Many private health providers declined to participate in the National Health Insurance Fund scheme because the money it offered was inadequate.
The providers said they felt the Sh2,850 that was being allocated per member per year was too little.
Dr Peter Omboga, secretary general of the Association of Kenya Private Hospitals, told MPs on Wednesday that the offer was not workable and taking it would mean rationing services to maximize on profits, which would defeat the purpose of the scheme.
A demand of Sh6,000- Sh9,000 per person per year was the deal breaker, he said.
Dr Omboga said some of their members eventually came down to Sh4,000- Sh4,500 which they felt would allow them to just offer essential services without any profit.
He said at one point the association considered taking NHIF to court over its decision to work with Clinix Healthcare Ltd and Meridian Medical Group.
The two who scooped a big share of the funds provided for the scheme are not members of the association.
Meeting the parliamentary committee on Health, the association said apart from issues of capacity and presence around the country, they felt that some of the outlets of Clinix Healthcare and Meridian Medical Group did not go through the due process of accreditation as is the practice in the health sector.
He said the association thought of taking legal action against NHIF but pulled back to give the scheme a chance since it was an attempt to offer universal healthcare to Kenyans.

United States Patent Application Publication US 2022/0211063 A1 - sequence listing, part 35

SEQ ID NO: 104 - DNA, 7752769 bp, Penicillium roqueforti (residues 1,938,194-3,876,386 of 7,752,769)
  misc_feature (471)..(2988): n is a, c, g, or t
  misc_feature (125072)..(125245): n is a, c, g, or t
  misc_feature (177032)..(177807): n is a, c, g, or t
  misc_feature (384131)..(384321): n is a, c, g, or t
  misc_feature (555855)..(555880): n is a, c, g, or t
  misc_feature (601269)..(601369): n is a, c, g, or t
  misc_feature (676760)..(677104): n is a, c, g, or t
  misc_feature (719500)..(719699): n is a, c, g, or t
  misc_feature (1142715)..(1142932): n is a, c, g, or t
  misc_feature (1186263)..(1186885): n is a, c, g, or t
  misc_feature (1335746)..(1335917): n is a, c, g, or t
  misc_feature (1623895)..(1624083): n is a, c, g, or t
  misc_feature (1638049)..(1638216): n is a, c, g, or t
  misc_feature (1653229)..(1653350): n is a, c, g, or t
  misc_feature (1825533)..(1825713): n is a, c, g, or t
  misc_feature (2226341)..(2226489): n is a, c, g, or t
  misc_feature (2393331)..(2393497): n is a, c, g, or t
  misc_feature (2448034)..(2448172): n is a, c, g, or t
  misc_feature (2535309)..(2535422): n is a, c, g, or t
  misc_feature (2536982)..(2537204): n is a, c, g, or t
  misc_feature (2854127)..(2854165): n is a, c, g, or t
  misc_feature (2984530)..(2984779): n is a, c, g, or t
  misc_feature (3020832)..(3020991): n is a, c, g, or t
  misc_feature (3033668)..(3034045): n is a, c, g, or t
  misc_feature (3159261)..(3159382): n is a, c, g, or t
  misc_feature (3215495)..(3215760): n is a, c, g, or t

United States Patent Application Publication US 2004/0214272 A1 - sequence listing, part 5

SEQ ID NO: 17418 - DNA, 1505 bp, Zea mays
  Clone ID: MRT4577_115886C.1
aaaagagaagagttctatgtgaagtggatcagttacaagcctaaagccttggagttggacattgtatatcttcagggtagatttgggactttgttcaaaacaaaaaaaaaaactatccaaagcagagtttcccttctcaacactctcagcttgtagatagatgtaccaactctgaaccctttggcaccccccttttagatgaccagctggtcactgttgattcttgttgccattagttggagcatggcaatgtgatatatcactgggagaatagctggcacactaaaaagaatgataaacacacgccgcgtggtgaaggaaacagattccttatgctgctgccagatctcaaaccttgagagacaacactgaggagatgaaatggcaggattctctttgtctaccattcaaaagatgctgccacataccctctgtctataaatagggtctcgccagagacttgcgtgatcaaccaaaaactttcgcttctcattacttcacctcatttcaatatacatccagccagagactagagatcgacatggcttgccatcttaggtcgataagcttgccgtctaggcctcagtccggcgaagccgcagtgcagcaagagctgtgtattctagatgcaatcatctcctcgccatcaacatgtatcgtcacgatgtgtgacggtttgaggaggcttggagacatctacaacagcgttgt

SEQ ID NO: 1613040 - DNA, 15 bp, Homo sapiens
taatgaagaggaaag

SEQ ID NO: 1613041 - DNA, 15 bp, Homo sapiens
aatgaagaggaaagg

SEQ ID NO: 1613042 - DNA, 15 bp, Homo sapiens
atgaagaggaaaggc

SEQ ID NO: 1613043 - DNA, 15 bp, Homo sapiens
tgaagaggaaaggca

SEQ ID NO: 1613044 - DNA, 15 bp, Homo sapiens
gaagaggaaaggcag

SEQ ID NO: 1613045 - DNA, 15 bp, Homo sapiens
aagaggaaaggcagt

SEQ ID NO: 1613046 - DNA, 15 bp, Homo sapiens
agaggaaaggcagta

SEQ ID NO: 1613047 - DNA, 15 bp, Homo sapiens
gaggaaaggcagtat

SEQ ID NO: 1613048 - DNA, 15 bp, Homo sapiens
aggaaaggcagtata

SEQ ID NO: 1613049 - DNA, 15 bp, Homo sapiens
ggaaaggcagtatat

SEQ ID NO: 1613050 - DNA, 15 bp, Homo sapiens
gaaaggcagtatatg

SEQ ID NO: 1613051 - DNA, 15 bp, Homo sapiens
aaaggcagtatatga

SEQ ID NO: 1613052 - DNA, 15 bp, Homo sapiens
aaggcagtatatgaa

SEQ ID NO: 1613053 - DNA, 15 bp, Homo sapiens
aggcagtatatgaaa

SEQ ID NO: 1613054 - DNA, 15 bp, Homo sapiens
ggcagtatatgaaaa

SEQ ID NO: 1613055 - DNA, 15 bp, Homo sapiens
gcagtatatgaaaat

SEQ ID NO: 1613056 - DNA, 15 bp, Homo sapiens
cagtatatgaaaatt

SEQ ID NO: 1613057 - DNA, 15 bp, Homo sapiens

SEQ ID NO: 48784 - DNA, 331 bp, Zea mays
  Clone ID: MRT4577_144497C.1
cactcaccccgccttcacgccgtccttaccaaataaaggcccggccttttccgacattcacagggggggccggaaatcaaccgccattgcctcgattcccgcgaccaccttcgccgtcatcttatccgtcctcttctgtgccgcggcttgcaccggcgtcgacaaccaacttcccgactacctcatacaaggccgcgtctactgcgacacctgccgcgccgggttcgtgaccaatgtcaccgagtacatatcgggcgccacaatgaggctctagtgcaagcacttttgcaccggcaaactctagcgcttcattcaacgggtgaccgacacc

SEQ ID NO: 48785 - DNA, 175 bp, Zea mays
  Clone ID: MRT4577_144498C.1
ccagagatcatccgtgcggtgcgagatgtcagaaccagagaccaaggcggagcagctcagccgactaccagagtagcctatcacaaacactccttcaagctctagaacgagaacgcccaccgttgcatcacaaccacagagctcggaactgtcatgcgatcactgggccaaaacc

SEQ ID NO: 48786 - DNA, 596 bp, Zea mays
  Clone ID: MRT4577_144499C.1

The providers met the parliamentary team to shed light on ongoing investigations into alleged irregularities in the NHIF outpatient scheme for public servants.
The committee had been informed that most private health facilities were unable to meet the requirements for inclusion in the new outpatient scheme.
“We were very supportive of the scheme, the problem we had was the manner in which it was being done,” said Dr Kanyenje Gakombe, the vice chairman of the association.
The officials told the committee that they made attempts to point out to the NHIF team their worries about the carrying capacity of the two health institutions given the high number of members they had been allocated.
Meanwhile, committee chairman Dr Robert Monda has issued a final order to the management of Clinix Healthcare Ltd to appear before it on Monday, failure to which the committee may invoke sections of the rules of Parliament to state action to be taken against the team.
The management team failed to turn up for a meeting that was scheduled on Tuesday morning, stating that they were not informed of the same. (READ: Two clinics received a third of health funds)